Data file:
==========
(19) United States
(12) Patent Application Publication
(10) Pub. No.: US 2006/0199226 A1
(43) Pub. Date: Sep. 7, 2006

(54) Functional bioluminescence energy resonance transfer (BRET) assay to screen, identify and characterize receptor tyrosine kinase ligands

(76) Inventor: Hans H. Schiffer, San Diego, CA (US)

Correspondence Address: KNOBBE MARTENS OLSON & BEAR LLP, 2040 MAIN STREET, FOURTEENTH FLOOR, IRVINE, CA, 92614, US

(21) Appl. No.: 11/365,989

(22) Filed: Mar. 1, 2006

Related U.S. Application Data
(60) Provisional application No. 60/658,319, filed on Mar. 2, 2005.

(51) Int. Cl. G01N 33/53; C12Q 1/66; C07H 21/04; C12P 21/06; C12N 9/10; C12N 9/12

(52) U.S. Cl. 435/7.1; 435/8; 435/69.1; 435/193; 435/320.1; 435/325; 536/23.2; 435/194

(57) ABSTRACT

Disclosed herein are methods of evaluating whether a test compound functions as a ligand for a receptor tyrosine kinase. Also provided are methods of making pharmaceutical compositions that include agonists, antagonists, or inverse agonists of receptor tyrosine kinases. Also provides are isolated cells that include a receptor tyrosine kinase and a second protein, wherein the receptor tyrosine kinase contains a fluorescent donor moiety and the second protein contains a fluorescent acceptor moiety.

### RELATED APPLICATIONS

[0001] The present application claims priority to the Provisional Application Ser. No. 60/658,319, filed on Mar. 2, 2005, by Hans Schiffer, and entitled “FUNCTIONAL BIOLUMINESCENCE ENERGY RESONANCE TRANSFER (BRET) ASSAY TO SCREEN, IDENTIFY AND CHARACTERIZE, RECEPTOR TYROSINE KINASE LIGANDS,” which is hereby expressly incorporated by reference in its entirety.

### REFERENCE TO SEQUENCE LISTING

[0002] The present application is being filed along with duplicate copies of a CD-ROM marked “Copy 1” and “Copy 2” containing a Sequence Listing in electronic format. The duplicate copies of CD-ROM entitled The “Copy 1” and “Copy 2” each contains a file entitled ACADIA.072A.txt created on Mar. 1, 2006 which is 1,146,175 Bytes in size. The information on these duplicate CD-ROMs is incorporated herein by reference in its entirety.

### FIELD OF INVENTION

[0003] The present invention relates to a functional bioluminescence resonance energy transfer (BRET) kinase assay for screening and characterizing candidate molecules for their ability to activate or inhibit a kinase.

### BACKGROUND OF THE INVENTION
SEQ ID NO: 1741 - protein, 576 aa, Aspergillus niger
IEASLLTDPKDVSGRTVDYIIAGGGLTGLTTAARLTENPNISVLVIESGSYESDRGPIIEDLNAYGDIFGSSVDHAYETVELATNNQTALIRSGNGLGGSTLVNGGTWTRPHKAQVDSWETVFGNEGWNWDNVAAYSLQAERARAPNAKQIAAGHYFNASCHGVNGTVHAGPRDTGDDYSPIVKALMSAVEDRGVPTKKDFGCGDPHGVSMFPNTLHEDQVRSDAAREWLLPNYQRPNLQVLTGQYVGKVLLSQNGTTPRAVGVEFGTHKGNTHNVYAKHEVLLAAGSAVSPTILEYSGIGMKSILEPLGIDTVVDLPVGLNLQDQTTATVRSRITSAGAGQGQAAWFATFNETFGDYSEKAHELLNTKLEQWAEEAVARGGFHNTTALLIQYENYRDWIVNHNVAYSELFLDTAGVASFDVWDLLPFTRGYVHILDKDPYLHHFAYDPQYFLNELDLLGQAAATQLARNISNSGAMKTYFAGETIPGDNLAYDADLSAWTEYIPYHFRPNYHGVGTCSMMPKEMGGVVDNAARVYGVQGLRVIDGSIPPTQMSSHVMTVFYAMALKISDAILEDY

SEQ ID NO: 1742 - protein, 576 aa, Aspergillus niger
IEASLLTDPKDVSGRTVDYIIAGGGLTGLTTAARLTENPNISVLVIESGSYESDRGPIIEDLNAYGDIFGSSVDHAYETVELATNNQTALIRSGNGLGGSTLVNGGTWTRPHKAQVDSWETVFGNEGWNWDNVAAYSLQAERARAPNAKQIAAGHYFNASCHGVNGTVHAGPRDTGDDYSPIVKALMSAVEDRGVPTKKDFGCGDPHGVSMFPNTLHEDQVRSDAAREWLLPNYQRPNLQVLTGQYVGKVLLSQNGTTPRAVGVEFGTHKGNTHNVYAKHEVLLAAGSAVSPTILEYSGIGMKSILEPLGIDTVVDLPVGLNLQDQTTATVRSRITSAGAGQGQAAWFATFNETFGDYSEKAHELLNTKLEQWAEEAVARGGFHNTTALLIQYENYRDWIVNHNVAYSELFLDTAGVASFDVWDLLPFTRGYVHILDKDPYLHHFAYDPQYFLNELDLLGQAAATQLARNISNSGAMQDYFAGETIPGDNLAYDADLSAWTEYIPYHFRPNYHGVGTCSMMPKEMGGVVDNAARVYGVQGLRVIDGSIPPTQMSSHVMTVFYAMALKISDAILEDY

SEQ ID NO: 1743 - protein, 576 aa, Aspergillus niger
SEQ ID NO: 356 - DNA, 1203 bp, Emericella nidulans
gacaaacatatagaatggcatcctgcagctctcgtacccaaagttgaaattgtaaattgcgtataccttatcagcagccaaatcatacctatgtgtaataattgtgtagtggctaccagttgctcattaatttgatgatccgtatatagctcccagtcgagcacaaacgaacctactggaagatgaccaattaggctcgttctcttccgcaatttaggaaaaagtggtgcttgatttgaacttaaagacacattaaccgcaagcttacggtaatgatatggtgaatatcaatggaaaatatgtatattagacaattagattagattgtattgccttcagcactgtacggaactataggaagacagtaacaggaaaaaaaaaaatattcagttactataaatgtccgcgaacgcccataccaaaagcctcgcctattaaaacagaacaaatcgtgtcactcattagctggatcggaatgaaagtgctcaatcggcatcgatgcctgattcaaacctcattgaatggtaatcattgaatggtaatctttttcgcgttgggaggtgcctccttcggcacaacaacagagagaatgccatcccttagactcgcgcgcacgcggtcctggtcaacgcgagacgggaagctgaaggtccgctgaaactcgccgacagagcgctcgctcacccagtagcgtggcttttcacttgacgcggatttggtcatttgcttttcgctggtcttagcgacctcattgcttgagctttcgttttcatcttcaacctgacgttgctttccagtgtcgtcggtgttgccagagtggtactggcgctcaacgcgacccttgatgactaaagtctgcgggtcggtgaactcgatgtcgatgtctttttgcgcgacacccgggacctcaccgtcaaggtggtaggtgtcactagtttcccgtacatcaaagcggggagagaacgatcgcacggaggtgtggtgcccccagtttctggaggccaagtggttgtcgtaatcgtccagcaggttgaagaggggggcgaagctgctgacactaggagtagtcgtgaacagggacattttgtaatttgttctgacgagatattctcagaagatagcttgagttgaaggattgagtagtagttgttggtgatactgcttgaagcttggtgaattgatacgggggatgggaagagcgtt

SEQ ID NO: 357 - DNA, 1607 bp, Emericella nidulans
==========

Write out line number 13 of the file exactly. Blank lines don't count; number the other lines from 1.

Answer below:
(52) U.S. Cl. 435/7.1; 435/8; 435/69.1; 435/193; 435/320.1; 435/325; 536/23.2; 435/194